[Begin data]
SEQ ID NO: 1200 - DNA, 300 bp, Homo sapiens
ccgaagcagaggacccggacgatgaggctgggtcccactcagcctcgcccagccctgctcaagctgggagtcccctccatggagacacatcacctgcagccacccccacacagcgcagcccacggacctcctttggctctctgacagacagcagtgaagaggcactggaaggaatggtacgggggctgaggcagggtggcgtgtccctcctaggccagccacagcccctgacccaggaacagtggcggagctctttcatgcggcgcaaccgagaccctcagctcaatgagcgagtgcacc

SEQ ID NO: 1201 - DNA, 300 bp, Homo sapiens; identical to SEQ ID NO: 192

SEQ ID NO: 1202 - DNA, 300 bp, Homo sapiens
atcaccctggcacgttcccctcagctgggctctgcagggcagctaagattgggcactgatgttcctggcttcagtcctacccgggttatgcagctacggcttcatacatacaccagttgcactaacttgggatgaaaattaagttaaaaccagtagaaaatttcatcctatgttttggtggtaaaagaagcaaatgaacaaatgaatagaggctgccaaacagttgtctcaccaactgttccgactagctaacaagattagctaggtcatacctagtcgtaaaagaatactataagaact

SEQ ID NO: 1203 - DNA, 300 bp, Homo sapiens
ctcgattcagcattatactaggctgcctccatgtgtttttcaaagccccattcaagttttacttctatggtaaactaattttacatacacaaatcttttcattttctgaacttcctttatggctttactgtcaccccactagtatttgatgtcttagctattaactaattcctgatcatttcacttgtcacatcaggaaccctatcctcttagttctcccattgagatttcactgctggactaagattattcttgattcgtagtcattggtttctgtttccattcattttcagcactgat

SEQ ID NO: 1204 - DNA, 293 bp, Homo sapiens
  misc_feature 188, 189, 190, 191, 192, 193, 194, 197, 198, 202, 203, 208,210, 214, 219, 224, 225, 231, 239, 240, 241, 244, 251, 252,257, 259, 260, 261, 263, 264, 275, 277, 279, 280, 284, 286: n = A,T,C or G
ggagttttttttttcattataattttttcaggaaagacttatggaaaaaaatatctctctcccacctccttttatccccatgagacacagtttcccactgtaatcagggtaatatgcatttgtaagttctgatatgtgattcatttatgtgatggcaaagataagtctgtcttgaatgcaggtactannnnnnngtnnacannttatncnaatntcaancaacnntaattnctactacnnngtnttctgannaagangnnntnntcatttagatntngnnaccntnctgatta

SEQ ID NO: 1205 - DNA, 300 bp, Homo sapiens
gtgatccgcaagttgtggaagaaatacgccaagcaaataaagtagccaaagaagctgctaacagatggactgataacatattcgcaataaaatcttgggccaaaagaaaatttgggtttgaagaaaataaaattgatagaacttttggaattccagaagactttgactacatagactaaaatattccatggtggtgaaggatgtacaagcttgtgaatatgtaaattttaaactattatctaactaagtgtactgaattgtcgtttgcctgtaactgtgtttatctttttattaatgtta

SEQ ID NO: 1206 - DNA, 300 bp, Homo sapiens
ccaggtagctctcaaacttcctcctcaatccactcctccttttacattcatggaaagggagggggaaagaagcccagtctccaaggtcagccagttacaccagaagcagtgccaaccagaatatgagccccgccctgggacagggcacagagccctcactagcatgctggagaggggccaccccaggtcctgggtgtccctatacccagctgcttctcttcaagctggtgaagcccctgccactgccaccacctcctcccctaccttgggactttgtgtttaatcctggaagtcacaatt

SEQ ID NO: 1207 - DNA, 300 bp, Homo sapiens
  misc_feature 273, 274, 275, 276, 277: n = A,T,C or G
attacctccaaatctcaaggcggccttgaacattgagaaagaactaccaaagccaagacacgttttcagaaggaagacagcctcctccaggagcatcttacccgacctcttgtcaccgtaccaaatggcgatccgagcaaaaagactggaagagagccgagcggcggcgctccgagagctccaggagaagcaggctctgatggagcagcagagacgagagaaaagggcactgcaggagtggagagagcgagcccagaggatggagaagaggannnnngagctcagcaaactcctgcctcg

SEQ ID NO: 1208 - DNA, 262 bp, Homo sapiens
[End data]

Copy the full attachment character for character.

SEQ ID NO: 1200 - DNA, 300 bp, Homo sapiens
ccgaagcagaggacccggacgatgaggctgggtcccactcagcctcgcccagccctgctcaagctgggagtcccctccatggagacacatcacctgcagccacccccacacagcgcagcccacggacctcctttggctctctgacagacagcagtgaagaggcactggaaggaatggtacgggggctgaggcagggtggcgtgtccctcctaggccagccacagcccctgacccaggaacagtggcggagctctttcatgcggcgcaaccgagaccctcagctcaatgagcgagtgcacc

SEQ ID NO: 1201 - DNA, 300 bp, Homo sapiens; identical to SEQ ID NO: 192

SEQ ID NO: 1202 - DNA, 300 bp, Homo sapiens
atcaccctggcacgttcccctcagctgggctctgcagggcagctaagattgggcactgatgttcctggcttcagtcctacccgggttatgcagctacggcttcatacatacaccagttgcactaacttgggatgaaaattaagttaaaaccagtagaaaatttcatcctatgttttggtggtaaaagaagcaaatgaacaaatgaatagaggctgccaaacagttgtctcaccaactgttccgactagctaacaagattagctaggtcatacctagtcgtaaaagaatactataagaact

SEQ ID NO: 1203 - DNA, 300 bp, Homo sapiens
ctcgattcagcattatactaggctgcctccatgtgtttttcaaagccccattcaagttttacttctatggtaaactaattttacatacacaaatcttttcattttctgaacttcctttatggctttactgtcaccccactagtatttgatgtcttagctattaactaattcctgatcatttcacttgtcacatcaggaaccctatcctcttagttctcccattgagatttcactgctggactaagattattcttgattcgtagtcattggtttctgtttccattcattttcagcactgat

SEQ ID NO: 1204 - DNA, 293 bp, Homo sapiens
  misc_feature 188, 189, 190, 191, 192, 193, 194, 197, 198, 202, 203, 208,210, 214, 219, 224, 225, 231, 239, 240, 241, 244, 251, 252,257, 259, 260, 261, 263, 264, 275, 277, 279, 280, 284, 286: n = A,T,C or G
ggagttttttttttcattataattttttcaggaaagacttatggaaaaaaatatctctctcccacctccttttatccccatgagacacagtttcccactgtaatcagggtaatatgcatttgtaagttctgatatgtgattcatttatgtgatggcaaagataagtctgtcttgaatgcaggtactannnnnnngtnnacannttatncnaatntcaancaacnntaattnctactacnnngtnttctgannaagangnnntnntcatttagatntngnnaccntnctgatta

SEQ ID NO: 1205 - DNA, 300 bp, Homo sapiens
gtgatccgcaagttgtggaagaaatacgccaagcaaataaagtagccaaagaagctgctaacagatggactgataacatattcgcaataaaatcttgggccaaaagaaaatttgggtttgaagaaaataaaattgatagaacttttggaattccagaagactttgactacatagactaaaatattccatggtggtgaaggatgtacaagcttgtgaatatgtaaattttaaactattatctaactaagtgtactgaattgtcgtttgcctgtaactgtgtttatctttttattaatgtta

SEQ ID NO: 1206 - DNA, 300 bp, Homo sapiens
ccaggtagctctcaaacttcctcctcaatccactcctccttttacattcatggaaagggagggggaaagaagcccagtctccaaggtcagccagttacaccagaagcagtgccaaccagaatatgagccccgccctgggacagggcacagagccctcactagcatgctggagaggggccaccccaggtcctgggtgtccctatacccagctgcttctcttcaagctggtgaagcccctgccactgccaccacctcctcccctaccttgggactttgtgtttaatcctggaagtcacaatt

SEQ ID NO: 1207 - DNA, 300 bp, Homo sapiens
  misc_feature 273, 274, 275, 276, 277: n = A,T,C or G
attacctccaaatctcaaggcggccttgaacattgagaaagaactaccaaagccaagacacgttttcagaaggaagacagcctcctccaggagcatcttacccgacctcttgtcaccgtaccaaatggcgatccgagcaaaaagactggaagagagccgagcggcggcgctccgagagctccaggagaagcaggctctgatggagcagcagagacgagagaaaagggcactgcaggagtggagagagcgagcccagaggatggagaagaggannnnngagctcagcaaactcctgcctcg

SEQ ID NO: 1208 - DNA, 262 bp, Homo sapiens